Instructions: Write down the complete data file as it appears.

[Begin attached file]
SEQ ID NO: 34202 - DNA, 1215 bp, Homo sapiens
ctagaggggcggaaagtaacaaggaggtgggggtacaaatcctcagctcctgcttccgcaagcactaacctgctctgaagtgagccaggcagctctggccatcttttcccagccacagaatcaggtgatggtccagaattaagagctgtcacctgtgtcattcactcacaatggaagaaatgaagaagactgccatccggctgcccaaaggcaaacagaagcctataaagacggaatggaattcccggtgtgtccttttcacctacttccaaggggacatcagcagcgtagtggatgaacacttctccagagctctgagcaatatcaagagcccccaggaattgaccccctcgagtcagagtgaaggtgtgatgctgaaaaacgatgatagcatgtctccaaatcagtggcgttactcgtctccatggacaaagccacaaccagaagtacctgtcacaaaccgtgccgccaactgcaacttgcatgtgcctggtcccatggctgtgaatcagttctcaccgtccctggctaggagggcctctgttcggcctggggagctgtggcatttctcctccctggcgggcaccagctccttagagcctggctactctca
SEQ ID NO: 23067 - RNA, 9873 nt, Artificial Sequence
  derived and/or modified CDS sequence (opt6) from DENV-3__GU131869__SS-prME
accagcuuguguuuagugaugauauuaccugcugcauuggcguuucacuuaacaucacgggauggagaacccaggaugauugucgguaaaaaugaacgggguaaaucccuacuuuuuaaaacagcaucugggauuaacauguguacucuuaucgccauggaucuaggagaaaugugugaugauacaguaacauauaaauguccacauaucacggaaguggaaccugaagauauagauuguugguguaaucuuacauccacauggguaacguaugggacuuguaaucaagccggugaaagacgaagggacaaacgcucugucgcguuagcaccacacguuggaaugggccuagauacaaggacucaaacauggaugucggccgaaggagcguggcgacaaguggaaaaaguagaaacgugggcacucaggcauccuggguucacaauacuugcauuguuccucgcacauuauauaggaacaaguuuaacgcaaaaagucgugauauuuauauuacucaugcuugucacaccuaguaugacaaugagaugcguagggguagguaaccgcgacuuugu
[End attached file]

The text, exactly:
SEQ ID NO: 34202 - DNA, 1215 bp, Homo sapiens
ctagaggggcggaaagtaacaaggaggtgggggtacaaatcctcagctcctgcttccgcaagcactaacctgctctgaagtgagccaggcagctctggccatcttttcccagccacagaatcaggtgatggtccagaattaagagctgtcacctgtgtcattcactcacaatggaagaaatgaagaagactgccatccggctgcccaaaggcaaacagaagcctataaagacggaatggaattcccggtgtgtccttttcacctacttccaaggggacatcagcagcgtagtggatgaacacttctccagagctctgagcaatatcaagagcccccaggaattgaccccctcgagtcagagtgaaggtgtgatgctgaaaaacgatgatagcatgtctccaaatcagtggcgttactcgtctccatggacaaagccacaaccagaagtacctgtcacaaaccgtgccgccaactgcaacttgcatgtgcctggtcccatggctgtgaatcagttctcaccgtccctggctaggagggcctctgttcggcctggggagctgtggcatttctcctccctggcgggcaccagctccttagagcctggctactctca
SEQ ID NO: 23067 - RNA, 9873 nt, Artificial Sequence
  derived and/or modified CDS sequence (opt6) from DENV-3__GU131869__SS-prME
accagcuuguguuuagugaugauauuaccugcugcauuggcguuucacuuaacaucacgggauggagaacccaggaugauugucgguaaaaaugaacgggguaaaucccuacuuuuuaaaacagcaucugggauuaacauguguacucuuaucgccauggaucuaggagaaaugugugaugauacaguaacauauaaauguccacauaucacggaaguggaaccugaagauauagauuguugguguaaucuuacauccacauggguaacguaugggacuuguaaucaagccggugaaagacgaagggacaaacgcucugucgcguuagcaccacacguuggaaugggccuagauacaaggacucaaacauggaugucggccgaaggagcguggcgacaaguggaaaaaguagaaacgugggcacucaggcauccuggguucacaauacuugcauuguuccucgcacauuauauaggaacaaguuuaacgcaaaaagucgugauauuuauauuacucaugcuugucacaccuaguaugacaaugagaugcguagggguagguaaccgcgacuuugu